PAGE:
For Linda Gaylard, a.k.a. The Tea Stylist, this is just one of so many moments that piqued her interest in tea and lead her to where she is today: a known and respected Sports News Wardrobe Stylist-turned Tea Sommelier, Educator, and - now - Author.
|Linda's Susie Cooper saucer c. 1930’s and cup c. 1950’s |
filled with Darjeeling tea from Singell Estate
Yes, there are many books available on the subject of tea. But what was most important to Linda as she researched and wrote and collaborated on this book (and what it most notable to me as a reader) is that it be accessible and accurate.
While enjoying a long distance cup of tea with Linda (she sipped a Darjeeling, I an Assam), she shared her vision of what The Tea Book should be: the resource she wished she had had when she was first exploring teas. And what a resource it is. Starting with a beautiful, simple, yet eloquent understanding of the tea plant and the variety of types of tea that come from that one plant, the book provides the practical instruction on how to store it, how to brew it, how to appreciate it.
One of my favorite pages in The Tea Book displays the "flavor wheel," which gives me better vocabulary on how to describe the spectrum of flavors and aromas I experience in different cups of tea. Hay or Bok Choy, for example, to more accurately describe something that is Vegetal. Butterscotch or Molasses to clarify a type of sweetness.
We discussed the layout of the book, because I found it to be so enjoyable and educational and easily consumable. You can lose yourself in the book for 2 minutes or 2 hours. The words, descriptions and observations are balanced equally with beautiful and complementary graphics and images. I asked her about her ability to boil such vast amounts of information down into bite sized pieces and she attributed it to her school years where the art of précis was instilled (a brief summary of the main points and ideas of a piece of writing or speech). I joked that our penchant for Twitter probably didn't hurt either!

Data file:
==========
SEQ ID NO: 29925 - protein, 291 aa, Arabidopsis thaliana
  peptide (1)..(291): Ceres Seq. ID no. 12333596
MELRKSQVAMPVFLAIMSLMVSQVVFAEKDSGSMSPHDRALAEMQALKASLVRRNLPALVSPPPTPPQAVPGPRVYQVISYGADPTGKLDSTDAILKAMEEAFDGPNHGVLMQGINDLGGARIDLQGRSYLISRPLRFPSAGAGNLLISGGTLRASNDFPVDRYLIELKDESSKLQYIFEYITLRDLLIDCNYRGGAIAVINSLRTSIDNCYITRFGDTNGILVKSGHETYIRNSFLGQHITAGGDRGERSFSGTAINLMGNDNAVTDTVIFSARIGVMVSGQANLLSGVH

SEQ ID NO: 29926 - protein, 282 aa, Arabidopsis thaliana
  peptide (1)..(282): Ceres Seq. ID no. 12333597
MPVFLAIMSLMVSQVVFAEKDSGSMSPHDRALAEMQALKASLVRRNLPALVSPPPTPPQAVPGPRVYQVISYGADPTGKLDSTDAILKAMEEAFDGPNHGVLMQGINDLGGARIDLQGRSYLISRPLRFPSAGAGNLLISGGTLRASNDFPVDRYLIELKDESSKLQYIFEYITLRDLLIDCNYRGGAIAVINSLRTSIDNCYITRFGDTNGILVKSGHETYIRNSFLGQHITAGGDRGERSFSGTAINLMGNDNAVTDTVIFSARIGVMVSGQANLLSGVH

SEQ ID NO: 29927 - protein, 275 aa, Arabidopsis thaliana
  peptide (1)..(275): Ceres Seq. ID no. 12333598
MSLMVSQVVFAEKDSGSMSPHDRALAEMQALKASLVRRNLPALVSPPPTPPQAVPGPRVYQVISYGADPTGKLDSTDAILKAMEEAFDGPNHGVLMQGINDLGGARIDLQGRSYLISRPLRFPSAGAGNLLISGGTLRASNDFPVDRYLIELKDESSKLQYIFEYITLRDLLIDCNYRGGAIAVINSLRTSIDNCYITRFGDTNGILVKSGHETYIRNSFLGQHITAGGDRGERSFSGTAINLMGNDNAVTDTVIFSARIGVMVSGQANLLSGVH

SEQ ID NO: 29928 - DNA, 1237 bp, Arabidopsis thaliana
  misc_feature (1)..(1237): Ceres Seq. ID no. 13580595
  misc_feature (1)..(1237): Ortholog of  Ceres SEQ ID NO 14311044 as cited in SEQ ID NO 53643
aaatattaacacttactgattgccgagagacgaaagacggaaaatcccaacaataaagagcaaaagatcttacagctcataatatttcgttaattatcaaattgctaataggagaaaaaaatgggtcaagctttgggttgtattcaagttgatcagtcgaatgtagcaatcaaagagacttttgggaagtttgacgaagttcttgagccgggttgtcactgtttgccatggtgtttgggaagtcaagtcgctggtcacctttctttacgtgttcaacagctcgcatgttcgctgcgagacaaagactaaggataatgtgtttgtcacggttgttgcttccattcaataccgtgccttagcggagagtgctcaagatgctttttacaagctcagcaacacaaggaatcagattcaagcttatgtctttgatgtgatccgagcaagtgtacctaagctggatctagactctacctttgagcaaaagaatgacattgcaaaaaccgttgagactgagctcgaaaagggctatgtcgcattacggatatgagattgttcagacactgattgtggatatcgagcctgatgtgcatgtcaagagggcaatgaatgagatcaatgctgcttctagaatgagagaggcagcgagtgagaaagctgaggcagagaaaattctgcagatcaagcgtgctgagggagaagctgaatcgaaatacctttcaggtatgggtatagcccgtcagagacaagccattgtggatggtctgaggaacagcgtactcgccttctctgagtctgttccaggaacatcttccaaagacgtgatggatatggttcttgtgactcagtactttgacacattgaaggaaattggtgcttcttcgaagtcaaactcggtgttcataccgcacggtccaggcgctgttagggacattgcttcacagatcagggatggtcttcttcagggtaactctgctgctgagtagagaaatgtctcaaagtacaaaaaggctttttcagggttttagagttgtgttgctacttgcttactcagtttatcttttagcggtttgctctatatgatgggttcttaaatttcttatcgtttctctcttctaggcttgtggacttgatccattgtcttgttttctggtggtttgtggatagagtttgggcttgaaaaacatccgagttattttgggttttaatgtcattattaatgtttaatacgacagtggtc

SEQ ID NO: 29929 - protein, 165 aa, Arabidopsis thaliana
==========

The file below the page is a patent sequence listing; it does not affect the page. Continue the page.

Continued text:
I asked what Linda enjoys most about her work with tea, and she shared that teaching is the most enjoyable. Whether it's hearing the questions that come out from a group of students or seeing the recognition light up someone's face when they 'get it,' it's very rewarding. And if she has time (which is very difficult to pin down recently) she truly enjoys the art of Tea Styling: putting tableaux together of a tea moment - something I can definitely appreciate! She has always had lots of tea ware and is always on the lookout for something unusual from a different era or place.
When I asked what she enjoyed most about writing her book, she admitted the recipes were a lot of fun, and I can see why! There are nearly 70 pages of recipes for tea-based beverages for every type of tea and tisane. Both alcoholic and alcohol-free, there's a new and enlightening tea recipe for every palate! I find it a wonderful way to bring tea to the modern era in a very relevant way. (And her husband was happy to be a guinea pig for many of the trial recipes - Lucky Duck!)
Our conversation could fill an entire book, but for now we must be content with a rather lengthy blog post. I'm so grateful to have had the chance to get to know more about this educator, wife, mother, and creative spirit. If there's a tea enthusiast in your life, know that you now have the perfect gift idea for them as the holidays approach:
THE TEA BOOK, by Linda Gaylard
A DK Publication